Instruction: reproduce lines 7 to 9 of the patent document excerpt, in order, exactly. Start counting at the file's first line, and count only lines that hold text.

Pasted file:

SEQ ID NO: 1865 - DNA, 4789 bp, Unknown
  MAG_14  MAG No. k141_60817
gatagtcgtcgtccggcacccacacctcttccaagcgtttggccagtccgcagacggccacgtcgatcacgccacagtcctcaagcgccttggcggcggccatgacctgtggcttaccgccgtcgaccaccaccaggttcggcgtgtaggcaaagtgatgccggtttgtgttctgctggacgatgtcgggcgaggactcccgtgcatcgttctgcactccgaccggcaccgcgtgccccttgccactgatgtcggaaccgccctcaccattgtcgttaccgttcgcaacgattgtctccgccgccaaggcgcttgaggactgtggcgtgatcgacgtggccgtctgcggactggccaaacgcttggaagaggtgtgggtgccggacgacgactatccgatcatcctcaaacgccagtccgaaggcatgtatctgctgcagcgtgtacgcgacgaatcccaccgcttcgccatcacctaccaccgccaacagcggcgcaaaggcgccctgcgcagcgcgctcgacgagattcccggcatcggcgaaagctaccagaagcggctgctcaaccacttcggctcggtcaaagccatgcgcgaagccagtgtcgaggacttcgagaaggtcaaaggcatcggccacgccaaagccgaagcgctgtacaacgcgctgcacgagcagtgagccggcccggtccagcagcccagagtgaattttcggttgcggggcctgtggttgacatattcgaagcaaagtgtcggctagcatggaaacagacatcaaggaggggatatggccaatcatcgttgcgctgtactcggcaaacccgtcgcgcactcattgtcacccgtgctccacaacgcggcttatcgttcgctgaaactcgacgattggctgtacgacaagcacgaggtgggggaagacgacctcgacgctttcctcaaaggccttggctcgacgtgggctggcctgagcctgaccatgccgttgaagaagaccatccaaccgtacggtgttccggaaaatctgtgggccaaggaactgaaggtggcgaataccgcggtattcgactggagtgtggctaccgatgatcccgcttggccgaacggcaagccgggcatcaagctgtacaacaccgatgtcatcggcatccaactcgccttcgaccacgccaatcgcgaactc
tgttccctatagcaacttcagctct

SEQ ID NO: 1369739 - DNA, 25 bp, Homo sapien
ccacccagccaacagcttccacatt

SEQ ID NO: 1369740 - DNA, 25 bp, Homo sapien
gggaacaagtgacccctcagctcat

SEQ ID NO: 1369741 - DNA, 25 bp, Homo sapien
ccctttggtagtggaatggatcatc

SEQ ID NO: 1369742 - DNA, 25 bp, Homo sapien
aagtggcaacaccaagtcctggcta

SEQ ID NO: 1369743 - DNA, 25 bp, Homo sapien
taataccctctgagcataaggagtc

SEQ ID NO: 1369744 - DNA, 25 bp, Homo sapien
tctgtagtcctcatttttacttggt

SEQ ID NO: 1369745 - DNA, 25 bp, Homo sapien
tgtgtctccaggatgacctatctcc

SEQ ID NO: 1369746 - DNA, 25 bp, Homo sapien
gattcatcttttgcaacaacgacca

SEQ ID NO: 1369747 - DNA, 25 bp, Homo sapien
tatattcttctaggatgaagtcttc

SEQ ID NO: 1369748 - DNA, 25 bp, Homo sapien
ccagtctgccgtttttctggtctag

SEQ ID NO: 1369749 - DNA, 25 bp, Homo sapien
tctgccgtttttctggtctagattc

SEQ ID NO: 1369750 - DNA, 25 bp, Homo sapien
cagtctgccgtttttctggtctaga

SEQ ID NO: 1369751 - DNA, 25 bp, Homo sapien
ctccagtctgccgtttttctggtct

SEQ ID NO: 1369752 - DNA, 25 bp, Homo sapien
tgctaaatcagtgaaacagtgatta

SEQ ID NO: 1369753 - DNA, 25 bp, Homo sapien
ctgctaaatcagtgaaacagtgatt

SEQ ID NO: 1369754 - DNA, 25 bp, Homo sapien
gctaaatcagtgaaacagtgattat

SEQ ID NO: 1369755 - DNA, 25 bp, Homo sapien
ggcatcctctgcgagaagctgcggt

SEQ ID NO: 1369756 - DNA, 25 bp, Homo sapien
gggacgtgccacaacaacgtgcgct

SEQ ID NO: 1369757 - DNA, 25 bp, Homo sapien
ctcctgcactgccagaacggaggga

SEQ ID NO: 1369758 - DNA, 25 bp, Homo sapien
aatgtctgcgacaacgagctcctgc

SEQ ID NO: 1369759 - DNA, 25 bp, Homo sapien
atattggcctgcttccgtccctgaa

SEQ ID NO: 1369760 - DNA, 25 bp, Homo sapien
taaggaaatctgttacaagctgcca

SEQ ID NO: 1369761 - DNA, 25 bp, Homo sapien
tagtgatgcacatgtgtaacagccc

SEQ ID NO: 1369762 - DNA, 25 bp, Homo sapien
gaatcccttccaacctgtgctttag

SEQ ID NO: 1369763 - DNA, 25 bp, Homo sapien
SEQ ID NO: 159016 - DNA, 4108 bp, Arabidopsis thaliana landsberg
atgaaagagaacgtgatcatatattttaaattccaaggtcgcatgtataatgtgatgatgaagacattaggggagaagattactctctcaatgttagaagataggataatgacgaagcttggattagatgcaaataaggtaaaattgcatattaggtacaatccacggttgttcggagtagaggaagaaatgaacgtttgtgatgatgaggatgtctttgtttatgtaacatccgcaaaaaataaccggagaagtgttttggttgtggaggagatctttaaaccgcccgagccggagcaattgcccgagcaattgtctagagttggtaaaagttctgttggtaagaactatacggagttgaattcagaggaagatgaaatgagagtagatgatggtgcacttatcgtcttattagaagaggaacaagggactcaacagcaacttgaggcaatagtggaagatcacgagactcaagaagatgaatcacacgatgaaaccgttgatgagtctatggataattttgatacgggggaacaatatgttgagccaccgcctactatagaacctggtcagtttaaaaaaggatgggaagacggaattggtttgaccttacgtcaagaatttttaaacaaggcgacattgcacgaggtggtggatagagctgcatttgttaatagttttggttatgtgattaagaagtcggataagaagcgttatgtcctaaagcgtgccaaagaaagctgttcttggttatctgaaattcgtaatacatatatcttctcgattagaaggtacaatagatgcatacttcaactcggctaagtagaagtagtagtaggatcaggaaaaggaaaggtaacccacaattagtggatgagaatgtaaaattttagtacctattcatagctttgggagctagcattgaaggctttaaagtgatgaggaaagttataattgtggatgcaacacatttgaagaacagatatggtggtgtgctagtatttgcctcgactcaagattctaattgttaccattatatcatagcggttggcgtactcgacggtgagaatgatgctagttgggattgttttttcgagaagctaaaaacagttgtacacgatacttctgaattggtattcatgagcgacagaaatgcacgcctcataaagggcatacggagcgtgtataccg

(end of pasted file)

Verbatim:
SEQ ID NO: 1369740 - DNA, 25 bp, Homo sapien
gggaacaagtgacccctcagctcat

SEQ ID NO: 1369741 - DNA, 25 bp, Homo sapien